Cynthia J. Atman and Ken Yasuhara
Center for Engineering Learning and Teaching
University of Washington, Box 352180, Seattle, WA 98195-2180, USA
E-mail: email@example.com, firstname.lastname@example.org
Robin S. Adams
Department of Engineering Education
Purdue University, Armstrong Hall, 701 West Stadium Ave., West Lafayette, IN 47907-2045, USA
Theresa J. Barker
Department of Industrial Engineering
University of Washington, Box 352650, Seattle, WA 98195-2650, USA
Department of Technical Communication
University of Washington, Box 352195, Seattle, WA 98195-2195, USA
Lake Partners Strategy Consultants, Inc.
1000 Second Ave., Suite 3600, Seattle, WA 98104, USA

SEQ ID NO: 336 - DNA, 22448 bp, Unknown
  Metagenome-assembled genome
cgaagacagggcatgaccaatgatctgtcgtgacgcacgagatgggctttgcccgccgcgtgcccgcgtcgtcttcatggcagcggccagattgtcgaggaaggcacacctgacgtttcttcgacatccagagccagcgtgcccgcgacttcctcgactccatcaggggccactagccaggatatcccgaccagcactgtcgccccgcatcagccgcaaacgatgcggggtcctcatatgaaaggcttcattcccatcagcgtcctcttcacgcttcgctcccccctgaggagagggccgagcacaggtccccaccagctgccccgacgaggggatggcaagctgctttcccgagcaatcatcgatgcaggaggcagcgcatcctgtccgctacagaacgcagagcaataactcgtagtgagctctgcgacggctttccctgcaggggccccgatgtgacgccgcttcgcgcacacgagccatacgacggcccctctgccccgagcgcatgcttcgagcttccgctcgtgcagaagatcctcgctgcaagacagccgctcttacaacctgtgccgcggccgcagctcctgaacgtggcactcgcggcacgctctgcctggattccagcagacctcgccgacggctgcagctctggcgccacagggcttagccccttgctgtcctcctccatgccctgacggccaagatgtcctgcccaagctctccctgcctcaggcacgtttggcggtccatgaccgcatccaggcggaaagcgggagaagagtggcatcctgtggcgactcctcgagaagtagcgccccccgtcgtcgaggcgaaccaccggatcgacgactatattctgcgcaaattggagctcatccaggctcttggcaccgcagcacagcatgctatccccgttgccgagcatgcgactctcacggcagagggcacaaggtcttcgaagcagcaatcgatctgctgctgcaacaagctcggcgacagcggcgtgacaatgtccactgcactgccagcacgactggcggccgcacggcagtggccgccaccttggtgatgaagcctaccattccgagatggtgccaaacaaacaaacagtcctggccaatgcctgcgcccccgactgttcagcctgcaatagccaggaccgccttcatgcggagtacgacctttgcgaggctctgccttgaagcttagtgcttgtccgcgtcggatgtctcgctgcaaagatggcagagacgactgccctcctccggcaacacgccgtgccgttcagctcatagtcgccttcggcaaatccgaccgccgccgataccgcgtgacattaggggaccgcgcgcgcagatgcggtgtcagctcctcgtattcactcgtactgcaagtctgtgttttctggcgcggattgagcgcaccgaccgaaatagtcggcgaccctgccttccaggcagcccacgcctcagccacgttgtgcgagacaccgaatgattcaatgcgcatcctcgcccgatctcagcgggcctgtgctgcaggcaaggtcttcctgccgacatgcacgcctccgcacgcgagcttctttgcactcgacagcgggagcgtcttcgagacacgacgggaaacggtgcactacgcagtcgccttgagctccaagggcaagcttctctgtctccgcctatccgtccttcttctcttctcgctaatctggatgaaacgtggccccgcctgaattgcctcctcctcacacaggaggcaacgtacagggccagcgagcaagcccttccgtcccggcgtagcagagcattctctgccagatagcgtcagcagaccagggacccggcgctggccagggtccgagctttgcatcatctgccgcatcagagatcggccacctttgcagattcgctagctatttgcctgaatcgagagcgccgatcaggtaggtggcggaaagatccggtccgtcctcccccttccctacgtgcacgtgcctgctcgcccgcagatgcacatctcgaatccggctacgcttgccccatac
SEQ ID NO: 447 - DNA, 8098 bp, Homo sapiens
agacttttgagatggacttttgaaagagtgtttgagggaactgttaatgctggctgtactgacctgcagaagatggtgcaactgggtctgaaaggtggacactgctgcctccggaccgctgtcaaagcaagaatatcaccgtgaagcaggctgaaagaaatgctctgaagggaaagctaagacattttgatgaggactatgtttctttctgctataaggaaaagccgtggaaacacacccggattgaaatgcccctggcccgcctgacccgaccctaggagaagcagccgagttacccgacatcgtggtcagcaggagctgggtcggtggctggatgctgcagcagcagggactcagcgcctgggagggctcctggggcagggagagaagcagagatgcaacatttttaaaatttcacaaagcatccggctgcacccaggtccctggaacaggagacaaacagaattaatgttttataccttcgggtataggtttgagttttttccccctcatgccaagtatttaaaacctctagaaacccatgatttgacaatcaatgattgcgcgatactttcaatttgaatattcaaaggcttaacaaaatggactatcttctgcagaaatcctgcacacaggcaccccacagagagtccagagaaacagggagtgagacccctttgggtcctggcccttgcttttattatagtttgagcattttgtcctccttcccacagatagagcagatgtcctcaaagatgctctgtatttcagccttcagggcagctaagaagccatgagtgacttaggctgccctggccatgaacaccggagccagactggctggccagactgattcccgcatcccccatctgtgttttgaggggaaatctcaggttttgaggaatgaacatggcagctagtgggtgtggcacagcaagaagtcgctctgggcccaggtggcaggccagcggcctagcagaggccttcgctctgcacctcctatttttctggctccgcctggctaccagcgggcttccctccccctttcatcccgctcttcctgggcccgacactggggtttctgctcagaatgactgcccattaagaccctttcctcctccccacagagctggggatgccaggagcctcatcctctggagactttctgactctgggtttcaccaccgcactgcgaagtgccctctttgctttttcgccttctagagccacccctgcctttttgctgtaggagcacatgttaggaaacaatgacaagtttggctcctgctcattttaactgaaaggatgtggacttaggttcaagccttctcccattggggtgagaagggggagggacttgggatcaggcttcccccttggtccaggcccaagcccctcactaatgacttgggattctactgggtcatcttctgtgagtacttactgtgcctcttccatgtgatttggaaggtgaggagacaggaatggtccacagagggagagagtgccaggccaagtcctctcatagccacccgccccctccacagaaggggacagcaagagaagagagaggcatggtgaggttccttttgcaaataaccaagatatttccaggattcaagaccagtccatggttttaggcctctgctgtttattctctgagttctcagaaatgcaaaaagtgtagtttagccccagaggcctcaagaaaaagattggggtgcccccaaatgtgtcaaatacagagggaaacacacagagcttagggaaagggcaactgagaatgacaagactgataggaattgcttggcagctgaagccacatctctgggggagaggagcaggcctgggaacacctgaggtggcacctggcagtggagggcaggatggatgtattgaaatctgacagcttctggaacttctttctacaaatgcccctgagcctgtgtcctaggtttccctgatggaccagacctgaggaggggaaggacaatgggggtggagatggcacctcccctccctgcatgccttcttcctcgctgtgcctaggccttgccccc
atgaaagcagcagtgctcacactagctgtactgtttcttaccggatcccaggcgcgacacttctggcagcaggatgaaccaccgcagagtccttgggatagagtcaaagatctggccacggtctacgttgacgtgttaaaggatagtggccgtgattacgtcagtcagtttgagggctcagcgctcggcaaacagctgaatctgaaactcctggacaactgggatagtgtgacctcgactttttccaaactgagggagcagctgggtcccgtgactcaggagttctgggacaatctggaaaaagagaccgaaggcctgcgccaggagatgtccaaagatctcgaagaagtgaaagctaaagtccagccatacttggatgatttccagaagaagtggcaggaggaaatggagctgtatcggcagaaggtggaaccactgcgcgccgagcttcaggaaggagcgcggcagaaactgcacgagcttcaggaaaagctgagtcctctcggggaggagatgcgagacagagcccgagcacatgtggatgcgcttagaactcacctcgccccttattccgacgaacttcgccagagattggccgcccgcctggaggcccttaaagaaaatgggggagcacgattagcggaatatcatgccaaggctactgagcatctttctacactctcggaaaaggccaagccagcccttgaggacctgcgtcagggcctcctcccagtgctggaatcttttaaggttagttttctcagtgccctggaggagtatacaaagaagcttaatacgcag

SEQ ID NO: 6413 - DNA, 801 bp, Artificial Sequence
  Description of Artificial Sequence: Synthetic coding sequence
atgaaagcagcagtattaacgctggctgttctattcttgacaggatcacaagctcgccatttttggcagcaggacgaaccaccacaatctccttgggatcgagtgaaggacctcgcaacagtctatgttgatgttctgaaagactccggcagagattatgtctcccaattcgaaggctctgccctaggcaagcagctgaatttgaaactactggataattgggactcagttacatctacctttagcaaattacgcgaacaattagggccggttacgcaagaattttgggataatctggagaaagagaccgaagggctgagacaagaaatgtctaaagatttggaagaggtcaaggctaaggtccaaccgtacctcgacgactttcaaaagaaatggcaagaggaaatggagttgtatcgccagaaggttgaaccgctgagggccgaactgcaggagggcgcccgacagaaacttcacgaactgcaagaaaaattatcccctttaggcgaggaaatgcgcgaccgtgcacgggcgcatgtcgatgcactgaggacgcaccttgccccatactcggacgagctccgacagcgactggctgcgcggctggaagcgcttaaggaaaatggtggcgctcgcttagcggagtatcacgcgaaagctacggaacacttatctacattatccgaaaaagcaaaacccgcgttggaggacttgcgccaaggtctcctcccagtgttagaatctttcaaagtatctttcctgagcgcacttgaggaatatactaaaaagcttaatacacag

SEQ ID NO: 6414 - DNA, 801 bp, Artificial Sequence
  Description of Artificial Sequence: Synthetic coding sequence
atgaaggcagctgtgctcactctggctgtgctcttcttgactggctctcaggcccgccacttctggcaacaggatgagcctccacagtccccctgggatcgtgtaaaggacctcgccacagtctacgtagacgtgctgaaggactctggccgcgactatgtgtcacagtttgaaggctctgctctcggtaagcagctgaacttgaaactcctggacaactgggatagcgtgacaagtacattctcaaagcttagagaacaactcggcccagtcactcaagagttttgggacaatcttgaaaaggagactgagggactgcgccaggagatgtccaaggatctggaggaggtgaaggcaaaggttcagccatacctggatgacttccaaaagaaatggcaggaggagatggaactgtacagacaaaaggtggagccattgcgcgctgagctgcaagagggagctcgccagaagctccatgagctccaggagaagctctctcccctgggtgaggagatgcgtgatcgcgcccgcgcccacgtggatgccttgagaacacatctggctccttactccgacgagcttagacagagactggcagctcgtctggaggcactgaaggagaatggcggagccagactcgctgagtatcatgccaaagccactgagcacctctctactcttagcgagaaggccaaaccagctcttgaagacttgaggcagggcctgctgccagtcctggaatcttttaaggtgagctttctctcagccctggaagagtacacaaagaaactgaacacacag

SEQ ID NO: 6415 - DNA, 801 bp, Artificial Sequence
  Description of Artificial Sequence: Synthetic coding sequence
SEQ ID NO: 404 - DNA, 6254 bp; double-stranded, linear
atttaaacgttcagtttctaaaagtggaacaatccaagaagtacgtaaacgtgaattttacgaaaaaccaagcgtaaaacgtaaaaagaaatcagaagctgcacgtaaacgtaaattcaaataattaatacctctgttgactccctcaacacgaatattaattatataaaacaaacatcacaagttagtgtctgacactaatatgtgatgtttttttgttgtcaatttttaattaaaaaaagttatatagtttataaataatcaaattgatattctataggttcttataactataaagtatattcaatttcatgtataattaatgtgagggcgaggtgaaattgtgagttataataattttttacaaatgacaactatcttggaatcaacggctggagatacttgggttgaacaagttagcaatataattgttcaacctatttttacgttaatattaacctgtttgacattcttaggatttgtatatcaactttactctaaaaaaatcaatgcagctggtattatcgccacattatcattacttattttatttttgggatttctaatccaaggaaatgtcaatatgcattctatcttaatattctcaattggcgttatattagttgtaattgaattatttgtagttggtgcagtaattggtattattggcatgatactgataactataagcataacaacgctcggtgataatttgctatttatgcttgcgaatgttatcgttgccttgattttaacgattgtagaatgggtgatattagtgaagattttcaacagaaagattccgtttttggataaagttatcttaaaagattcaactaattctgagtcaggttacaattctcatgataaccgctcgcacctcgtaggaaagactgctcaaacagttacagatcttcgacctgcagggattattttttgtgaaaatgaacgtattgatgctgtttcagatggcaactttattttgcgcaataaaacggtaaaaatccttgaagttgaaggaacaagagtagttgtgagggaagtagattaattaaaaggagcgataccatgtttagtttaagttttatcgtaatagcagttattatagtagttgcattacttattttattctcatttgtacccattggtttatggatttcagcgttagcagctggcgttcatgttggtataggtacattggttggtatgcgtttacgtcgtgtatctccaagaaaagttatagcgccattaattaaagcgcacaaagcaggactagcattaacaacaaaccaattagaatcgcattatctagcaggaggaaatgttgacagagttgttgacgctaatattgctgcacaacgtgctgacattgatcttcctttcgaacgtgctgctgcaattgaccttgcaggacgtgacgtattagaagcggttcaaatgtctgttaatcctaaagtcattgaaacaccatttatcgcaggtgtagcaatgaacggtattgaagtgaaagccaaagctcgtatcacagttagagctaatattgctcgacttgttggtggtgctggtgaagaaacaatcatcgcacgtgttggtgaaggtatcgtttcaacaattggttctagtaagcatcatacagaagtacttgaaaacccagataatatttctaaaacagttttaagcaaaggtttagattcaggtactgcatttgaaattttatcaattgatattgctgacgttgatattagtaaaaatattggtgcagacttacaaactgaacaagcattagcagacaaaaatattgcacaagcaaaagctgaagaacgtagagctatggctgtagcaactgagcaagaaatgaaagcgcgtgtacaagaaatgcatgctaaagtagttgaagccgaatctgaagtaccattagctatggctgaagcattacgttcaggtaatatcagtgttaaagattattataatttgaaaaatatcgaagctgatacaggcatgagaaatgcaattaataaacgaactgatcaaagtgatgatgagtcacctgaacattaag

In this paper we characterize breadth of problem scoping in an engineering design problem. Specifically, we present several measures that quantify the number and variety of factors an individual problem-solver considers during the engineering design process. We apply these measures to data collected from freshman and senior engineering students who solved a short design problem. The results of our study indicate that graduating seniors do consider a broader array of factors than freshmen as they undertake the problem-scoping stage of the design process.